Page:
Indietracks seemed to rush round quickly this year, not least because it was nearly a month earlier than its usual end-of-July slot thanks to the MegaCorp Sport-themed Trade Fair in London. We don’t yet know what the weather on the usual weekend will prove to be like, but this weekend was forecast to be a wet one, with flood warnings for the whole of central England – one more reason to hate the Olympics.
So this year’s Indietracks was to be the first properly wet one, with very heavy rainfall forecast for Friday in particular – and in Manchester, where I set out from, it was lashing it down all morning. This gave the organisers a bit of a dilemma: stick with the plan and keep the evening’s three bands on the main stage in the hope it eased off as predicted, or move it all into the shed to be on the safe side? In the end, by the time we all got to the site, the rain had slackened off and the sun was peeking out from behind the clouds, so the outdoor plan would have been fine – but the decision to move inside had already been made, and I wouldn’t have liked to have been the person to call it the other way.
Everything on the site, bar the puddles, was reassuringly familiar, as were the first couple of bands – the Smittens and the School. They both seem like bands full of really lovely people and make undeniably tuneful pop, so it’s odd that they divide opinion a little. I feel like a rat fink for saying it, but I don’t quite get the Smittens – for all that though, they went down well and I didn’t exactly mind catching the second half of their set. Though I might have slipped out before the end for my first Gopal’s curry of the weekend – it’s important to uphold these Indietracks traditions.
The School, similarly, do what they do – but I have a real soft spot for them, and always enjoy seeing them live, particularly now they have a second album out and more of a back catalogue to draw on. The sound men on the main stage appeared to be keeping a running tally of twee instruments – while I didn’t count the number of ukeleles, glockenspiels and melodicas I saw all weekend, this set provided the first recorder solo of the festival.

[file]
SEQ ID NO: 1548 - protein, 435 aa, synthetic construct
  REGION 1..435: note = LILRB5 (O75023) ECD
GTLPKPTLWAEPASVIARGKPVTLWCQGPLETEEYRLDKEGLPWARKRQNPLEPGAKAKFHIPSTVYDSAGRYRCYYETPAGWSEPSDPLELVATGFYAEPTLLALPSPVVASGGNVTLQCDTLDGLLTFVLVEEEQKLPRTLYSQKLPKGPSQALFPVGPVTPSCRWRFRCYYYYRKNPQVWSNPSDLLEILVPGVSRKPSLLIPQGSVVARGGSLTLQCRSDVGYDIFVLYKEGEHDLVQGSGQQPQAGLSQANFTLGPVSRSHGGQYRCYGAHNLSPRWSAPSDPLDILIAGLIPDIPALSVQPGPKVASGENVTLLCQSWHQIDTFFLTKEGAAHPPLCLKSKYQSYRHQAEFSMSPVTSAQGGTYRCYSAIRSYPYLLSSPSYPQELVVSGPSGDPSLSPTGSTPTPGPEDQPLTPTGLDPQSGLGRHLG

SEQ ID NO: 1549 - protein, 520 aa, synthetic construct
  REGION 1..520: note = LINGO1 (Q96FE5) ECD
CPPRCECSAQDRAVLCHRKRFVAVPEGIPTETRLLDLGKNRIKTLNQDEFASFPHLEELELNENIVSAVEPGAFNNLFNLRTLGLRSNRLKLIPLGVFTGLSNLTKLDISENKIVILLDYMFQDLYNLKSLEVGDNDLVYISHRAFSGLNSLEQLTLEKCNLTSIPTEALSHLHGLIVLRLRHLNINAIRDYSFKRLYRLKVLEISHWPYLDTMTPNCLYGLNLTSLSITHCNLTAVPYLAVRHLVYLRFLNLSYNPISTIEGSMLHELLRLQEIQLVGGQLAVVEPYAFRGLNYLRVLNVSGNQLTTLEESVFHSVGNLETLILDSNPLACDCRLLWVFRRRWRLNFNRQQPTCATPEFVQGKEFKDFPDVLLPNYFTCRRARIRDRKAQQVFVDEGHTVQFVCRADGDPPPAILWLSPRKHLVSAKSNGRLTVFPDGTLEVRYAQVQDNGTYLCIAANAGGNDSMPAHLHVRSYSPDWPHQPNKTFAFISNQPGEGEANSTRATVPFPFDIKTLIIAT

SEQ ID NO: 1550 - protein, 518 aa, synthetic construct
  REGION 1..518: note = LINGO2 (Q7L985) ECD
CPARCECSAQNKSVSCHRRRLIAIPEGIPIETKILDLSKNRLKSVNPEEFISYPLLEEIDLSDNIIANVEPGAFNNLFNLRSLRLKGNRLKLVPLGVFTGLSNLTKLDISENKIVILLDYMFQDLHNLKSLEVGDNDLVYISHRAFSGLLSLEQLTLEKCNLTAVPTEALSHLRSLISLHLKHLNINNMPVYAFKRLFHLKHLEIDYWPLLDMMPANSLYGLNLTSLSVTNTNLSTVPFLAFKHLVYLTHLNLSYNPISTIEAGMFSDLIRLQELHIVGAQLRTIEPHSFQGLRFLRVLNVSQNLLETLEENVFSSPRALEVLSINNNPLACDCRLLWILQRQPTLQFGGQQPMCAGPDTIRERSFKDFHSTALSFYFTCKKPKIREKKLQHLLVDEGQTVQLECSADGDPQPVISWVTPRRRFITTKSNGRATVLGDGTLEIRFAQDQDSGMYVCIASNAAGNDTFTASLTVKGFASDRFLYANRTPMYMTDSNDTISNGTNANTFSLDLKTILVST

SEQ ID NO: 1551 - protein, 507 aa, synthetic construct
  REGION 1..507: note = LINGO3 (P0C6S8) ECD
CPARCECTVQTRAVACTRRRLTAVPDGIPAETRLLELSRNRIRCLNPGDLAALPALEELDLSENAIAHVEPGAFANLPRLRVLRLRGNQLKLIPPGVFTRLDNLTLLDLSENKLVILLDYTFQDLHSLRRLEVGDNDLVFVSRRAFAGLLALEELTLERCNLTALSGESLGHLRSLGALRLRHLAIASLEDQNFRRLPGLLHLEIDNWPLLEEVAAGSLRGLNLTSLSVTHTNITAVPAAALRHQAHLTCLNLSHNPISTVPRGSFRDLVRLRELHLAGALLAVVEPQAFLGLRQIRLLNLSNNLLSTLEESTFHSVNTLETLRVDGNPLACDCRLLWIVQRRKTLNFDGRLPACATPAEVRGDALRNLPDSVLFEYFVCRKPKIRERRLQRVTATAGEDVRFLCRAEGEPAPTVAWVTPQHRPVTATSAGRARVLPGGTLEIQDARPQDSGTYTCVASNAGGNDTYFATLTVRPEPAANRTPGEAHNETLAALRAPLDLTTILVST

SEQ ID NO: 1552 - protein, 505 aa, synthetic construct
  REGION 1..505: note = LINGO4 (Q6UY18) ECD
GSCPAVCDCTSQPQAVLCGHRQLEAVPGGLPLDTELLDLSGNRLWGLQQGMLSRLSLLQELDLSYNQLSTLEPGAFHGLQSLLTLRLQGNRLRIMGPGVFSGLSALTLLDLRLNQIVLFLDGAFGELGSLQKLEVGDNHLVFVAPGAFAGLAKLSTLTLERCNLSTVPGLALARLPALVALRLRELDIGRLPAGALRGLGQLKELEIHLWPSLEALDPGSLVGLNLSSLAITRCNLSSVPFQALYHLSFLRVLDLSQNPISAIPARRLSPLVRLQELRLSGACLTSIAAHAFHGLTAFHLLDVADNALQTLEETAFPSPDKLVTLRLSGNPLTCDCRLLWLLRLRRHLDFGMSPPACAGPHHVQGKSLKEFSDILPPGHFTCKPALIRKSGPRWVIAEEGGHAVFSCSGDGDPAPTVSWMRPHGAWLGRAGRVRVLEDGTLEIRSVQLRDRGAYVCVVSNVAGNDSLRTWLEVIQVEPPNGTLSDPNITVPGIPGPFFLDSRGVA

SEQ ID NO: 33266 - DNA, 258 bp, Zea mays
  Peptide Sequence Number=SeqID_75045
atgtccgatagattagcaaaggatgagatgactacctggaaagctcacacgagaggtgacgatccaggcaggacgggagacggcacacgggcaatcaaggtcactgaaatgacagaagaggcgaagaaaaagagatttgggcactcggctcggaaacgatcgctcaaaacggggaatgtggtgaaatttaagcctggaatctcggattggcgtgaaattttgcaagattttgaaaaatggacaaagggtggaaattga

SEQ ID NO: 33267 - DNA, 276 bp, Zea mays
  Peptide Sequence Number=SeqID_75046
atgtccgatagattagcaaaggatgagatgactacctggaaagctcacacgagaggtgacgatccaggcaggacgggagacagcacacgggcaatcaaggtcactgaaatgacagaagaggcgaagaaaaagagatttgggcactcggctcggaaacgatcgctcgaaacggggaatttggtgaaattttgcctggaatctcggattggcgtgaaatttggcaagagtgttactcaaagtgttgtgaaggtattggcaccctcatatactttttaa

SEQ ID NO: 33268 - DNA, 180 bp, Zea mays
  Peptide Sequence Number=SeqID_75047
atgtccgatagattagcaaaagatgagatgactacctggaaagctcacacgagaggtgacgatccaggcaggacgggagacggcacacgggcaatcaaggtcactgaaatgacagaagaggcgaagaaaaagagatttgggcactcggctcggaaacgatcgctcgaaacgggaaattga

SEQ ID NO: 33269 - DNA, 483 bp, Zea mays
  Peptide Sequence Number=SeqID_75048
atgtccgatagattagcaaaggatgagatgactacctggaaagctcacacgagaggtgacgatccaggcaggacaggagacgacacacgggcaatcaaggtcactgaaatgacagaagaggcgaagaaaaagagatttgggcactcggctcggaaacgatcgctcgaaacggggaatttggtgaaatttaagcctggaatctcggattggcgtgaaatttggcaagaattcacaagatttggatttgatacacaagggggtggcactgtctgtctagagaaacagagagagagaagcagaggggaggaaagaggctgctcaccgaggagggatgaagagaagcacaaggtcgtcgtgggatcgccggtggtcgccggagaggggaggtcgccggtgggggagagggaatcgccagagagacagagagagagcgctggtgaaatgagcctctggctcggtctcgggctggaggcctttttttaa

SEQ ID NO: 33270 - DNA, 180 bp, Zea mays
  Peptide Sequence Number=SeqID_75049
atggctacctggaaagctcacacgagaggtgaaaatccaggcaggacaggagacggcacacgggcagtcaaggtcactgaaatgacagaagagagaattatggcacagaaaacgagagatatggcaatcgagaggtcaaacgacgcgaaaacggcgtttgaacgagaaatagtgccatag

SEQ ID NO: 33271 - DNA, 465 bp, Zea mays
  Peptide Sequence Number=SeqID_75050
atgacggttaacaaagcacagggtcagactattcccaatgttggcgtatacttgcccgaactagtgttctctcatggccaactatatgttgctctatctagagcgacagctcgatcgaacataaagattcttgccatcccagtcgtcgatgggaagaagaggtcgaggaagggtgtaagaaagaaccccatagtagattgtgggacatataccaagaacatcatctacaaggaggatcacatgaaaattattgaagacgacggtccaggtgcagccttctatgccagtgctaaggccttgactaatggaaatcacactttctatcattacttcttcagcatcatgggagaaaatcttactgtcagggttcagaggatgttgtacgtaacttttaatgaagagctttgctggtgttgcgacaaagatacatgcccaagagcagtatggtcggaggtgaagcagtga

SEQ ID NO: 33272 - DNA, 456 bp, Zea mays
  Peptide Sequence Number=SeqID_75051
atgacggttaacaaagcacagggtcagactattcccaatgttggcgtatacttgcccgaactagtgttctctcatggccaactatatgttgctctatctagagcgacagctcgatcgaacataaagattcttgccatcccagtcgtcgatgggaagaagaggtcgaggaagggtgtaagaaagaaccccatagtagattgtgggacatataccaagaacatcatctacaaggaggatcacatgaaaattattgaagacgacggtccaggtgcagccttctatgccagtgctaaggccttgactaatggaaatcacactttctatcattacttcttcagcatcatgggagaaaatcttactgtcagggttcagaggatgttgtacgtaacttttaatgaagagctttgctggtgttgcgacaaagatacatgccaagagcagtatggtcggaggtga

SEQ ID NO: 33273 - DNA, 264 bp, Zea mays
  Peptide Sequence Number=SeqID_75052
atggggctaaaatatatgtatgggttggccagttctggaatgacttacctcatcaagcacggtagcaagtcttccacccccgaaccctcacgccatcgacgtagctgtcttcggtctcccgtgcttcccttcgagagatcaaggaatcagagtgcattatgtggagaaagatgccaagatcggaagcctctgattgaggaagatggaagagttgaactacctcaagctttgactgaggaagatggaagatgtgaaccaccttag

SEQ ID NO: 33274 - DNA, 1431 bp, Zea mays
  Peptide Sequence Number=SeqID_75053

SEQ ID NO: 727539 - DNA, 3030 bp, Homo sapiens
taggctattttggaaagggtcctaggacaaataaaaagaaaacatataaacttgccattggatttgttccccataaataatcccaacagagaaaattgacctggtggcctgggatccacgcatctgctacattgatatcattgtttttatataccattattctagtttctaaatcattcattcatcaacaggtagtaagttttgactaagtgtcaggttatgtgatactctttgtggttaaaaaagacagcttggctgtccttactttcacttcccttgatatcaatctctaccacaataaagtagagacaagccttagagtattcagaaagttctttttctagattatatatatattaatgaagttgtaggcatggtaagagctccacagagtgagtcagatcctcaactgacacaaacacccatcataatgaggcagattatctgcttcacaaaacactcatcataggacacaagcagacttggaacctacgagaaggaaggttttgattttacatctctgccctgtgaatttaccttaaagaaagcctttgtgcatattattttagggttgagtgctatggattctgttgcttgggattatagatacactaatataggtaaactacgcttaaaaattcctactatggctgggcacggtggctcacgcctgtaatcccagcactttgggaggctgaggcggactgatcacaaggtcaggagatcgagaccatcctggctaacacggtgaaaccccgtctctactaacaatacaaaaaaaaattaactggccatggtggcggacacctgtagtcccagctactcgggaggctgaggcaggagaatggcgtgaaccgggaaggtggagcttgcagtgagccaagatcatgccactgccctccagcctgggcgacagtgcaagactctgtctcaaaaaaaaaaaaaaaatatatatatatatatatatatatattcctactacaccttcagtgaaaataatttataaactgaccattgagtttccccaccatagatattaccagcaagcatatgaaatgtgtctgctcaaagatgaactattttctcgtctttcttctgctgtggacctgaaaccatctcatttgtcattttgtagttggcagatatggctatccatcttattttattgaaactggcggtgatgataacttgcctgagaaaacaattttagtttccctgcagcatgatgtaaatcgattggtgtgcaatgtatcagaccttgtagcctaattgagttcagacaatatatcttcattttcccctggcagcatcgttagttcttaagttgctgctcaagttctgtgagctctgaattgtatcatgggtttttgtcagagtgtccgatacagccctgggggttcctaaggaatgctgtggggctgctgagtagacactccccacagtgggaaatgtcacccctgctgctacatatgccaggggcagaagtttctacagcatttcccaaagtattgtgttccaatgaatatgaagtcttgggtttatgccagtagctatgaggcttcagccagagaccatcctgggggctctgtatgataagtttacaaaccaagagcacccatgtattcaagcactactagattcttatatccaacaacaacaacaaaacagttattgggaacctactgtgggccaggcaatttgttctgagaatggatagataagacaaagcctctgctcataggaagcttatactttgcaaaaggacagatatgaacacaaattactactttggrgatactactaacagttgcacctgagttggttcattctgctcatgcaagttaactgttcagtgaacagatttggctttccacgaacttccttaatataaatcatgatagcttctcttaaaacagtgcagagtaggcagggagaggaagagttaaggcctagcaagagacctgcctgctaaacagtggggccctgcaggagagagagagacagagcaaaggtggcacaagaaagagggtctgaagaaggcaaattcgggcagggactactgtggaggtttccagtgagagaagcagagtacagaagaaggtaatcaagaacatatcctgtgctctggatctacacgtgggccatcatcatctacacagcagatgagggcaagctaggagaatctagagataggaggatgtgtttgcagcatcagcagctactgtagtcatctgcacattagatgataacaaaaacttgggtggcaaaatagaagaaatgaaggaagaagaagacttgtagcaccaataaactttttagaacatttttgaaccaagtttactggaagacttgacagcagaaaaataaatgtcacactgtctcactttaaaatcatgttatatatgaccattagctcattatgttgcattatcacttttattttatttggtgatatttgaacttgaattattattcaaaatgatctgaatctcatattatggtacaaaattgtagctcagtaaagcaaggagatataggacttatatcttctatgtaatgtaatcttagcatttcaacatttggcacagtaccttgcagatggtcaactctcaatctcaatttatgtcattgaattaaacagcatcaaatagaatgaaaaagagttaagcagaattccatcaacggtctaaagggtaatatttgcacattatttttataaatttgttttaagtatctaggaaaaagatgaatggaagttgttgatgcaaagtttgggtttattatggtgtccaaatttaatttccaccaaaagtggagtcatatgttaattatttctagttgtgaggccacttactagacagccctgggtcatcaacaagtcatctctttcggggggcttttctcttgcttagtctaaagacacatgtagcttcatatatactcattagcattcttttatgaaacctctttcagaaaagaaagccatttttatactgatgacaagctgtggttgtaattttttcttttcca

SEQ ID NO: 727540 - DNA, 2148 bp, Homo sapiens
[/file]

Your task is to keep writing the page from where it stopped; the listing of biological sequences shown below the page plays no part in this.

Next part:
Headlining on the first night was Darren Hayman, with his band. Long called the Secondary Modern, they are being renamed the Long Parliament as Darren is embarking on a period of exploring his interest in Civil War folk songs – it’s a bit unclear whether this was the final Secondary Modern gig or the first Long Parliament one, but either way Hayman has established a band both solid enough to rock out and sophisticated enough to give a richer backing when it’s needed.
Hayman himself showed that he is at the absolute top of his game, with a set ranging across all corners of his Hefner and solo back catalogues, including Hymn to the Postal Service, a track from his forthcoming instrumentals album (which worked much better than you’d expect in a festival set), a triumphant encore of Painting and Kissing and a beautifully-pitched love song from the point of view of King Charles I, singing to his queen, which must surely count as one of Hayman’s best songs to date. Between songs he was warm and charming (would it be controversial to suggest he can sometimes be a bit grumpy? No, it wouldn’t), while still making it clear he has firm ideas about how things should be done – he insisted on keeping his mac on throughout the set, on the basis that what you wear when you come on-stage you should wear throughout the set, however sweaty it makes you. He did however complain about having to go to the British Grand Prix with his dad rather than stick around at Indietracks for the weekend – it’s a bad clash, as I’d thought about going to the GP this year until the Indietracks date-change was announced (thanks again, Vanity Games!), but I wouldn’t object too much to having been at Silverstone. Darren, however, did find it objectionable – sucks to be you, Darren…
A fine DJ set from Pop-o-matic rounded things out on the festival site, then back to the campsite for yet more indie disco, including what seemed to be Jimmy from the Bobby McGees giving a line-dancing lesson to someone. Good work, Day One of Indietracks.